Financial Planning Process By Startup Stage

The approach to building a financial plan evolves as a startup grows and scales. At the earliest stage, the financial planning process should be quite simplified and streamlined. It likely will only require involvement of the CEO and the finance lead, and it will be completed in Excel, possibly with just one or two iterations. As your startup grows, the planning process will involve more people and require more coordination, effort, and iterations. When you hire your first sales lead, they will likely be a key contributor to the sales plan and will need to be tightly involved in the planning process. As a startup grows, it will eventually introduce department level ownership of P&Ls, such that department leads own their budget and resource allocation. At that point, your planning process will require coordination over a larger group of people, and you’ll need to build out a more detailed calendar that outlines the process, milestones and roles/responsibilities. The coordination needs and resource requirements for financial planning continue to expand as you grow to a larger, potentially multinational or multi-division organization.

The table below outlines some key shifts in the planning process as a company grows from a Seed-stage startup to pre-IPO.

Startup annual planning synopsis by growth stage

Financial Planning Process for a Mid-Stage Startup

At the earliest stages, a financial plan can be thrown together quickly by the CEO and Finance Lead, and there’s not much need for a process calendar or coordination. Once P&L ownership has been distributed to Department/Division Leads, there is a need to coordinate the planning process among a much larger group of stakeholders, and it is helpful to design a planning process that clearly lays out the objectives/targets, milestones, deliverables, responsibilities and timelines. The table below outlines the planning process for a mid-stage startup that requires cross-departmental coordination.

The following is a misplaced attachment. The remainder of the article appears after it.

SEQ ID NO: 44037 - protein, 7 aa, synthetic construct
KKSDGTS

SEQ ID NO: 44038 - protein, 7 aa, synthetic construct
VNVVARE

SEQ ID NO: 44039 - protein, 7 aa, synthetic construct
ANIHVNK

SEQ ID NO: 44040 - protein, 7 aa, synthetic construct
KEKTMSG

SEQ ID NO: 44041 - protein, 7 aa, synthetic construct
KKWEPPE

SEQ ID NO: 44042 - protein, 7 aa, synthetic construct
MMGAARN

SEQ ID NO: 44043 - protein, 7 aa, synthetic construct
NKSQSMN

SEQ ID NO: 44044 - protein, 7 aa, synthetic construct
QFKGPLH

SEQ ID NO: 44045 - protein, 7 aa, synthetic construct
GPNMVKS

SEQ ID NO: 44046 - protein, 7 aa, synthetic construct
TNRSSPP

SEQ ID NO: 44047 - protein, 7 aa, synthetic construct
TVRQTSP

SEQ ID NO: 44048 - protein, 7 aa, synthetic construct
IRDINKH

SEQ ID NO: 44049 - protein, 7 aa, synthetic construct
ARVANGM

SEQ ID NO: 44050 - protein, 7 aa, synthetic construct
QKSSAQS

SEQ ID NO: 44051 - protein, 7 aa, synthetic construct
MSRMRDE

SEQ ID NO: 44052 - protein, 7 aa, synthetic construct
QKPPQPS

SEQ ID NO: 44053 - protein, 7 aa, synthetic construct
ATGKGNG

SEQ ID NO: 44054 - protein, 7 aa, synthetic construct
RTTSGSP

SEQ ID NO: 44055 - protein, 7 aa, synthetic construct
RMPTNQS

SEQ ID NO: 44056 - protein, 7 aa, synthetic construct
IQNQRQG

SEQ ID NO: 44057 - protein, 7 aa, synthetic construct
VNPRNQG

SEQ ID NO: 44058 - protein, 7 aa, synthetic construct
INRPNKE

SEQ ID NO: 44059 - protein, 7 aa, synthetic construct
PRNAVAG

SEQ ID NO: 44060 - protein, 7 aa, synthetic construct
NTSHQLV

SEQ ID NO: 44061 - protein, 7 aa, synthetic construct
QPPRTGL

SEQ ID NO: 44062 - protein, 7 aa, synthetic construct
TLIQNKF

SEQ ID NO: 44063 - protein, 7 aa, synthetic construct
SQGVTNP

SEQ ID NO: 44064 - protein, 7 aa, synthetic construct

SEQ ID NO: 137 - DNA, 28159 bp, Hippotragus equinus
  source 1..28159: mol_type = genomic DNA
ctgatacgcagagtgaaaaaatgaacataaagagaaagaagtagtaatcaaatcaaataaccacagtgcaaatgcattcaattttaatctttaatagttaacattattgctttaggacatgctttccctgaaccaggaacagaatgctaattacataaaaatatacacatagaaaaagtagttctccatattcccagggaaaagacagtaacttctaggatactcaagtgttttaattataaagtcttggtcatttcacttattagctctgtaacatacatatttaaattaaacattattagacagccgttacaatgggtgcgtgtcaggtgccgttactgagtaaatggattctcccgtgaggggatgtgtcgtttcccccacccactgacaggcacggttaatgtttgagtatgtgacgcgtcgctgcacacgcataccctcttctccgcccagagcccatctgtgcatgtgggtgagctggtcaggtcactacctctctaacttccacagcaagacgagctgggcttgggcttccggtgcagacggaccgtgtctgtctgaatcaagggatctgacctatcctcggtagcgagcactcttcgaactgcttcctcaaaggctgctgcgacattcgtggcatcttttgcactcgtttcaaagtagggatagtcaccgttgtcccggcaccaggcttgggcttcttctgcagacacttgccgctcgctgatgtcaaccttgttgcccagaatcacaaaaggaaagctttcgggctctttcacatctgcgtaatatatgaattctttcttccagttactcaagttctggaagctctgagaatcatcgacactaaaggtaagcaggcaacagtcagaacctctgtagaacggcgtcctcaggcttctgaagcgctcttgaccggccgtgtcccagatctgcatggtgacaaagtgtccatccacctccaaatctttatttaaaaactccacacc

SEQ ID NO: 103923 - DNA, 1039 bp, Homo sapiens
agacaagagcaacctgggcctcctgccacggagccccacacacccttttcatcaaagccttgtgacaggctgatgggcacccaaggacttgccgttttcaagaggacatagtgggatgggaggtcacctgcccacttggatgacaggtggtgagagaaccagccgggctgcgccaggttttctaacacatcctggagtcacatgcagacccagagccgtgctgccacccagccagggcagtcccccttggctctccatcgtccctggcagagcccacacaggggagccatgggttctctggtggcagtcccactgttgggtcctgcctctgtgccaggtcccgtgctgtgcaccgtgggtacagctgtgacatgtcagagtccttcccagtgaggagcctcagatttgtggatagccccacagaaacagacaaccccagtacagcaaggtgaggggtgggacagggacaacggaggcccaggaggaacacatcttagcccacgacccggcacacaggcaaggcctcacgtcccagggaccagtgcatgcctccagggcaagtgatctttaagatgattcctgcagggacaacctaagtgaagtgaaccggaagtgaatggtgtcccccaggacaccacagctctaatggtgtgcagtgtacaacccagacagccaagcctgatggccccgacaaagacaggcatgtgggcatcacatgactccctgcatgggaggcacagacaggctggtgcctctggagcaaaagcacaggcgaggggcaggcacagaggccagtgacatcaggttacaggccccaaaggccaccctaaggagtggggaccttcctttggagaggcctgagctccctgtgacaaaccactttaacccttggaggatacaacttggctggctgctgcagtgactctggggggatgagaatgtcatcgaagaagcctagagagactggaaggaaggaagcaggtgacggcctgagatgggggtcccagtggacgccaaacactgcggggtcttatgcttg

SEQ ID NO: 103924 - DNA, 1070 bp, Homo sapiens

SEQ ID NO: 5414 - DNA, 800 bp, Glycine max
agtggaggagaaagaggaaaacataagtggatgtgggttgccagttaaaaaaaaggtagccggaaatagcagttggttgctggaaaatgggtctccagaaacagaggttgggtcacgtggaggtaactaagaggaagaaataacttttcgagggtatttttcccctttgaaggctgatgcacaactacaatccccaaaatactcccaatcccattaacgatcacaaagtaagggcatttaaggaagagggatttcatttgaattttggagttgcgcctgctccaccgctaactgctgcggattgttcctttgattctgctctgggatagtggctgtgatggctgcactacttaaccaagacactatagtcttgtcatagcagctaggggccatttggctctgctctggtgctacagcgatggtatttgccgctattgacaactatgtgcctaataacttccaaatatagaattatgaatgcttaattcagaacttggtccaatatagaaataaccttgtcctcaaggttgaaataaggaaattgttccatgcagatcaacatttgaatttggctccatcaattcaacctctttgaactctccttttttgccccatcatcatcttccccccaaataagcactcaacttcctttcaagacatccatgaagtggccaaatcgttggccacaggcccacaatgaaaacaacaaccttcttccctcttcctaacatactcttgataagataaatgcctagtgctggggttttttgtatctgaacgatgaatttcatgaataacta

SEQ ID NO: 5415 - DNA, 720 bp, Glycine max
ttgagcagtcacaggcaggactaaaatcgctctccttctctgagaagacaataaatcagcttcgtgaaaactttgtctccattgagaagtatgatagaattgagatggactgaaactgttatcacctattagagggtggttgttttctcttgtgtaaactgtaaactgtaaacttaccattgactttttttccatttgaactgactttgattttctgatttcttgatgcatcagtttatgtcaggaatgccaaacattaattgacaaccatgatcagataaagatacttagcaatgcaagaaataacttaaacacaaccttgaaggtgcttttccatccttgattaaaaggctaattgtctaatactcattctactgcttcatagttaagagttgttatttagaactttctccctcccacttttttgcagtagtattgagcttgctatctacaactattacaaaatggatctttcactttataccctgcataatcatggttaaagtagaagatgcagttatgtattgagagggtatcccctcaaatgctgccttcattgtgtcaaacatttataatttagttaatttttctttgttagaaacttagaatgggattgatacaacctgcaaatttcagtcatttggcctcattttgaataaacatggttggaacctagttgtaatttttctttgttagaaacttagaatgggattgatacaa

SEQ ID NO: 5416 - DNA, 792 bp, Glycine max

1. Design Planning Process
  • Calendar
  • Financial model
  • Excel and presentation templates
  • Finance
  • October
2. Set Goals and Initiatives
  • Strategic priorities
  • Tops-down targets
  • Guidelines & guardrails
  • Finance, CEO
  • October
3. Build Dept/Division-Level Plans
  • Bottoms-up plans
  • Key initiatives
  • Department / division leads
  • November
4. Review/Finalize Recommended Plan
  • CEO review meeting
  • Draft plan
  • CEO, Finance, Dept/div leads
  • Nov/Dec
5. Approve Plan
  • Board review and approval
  • Board
  • December

Download an example of a detailed financial planning calendar template to leverage for your startup’s annual financial planning.

See part-two for sample projections and planning deliverables along with guidance on preparing your plan.

Burkland’s startup CFOs and FP&A experts are available to assist with your company’s financial planning and budgeting. Contact us to request more information.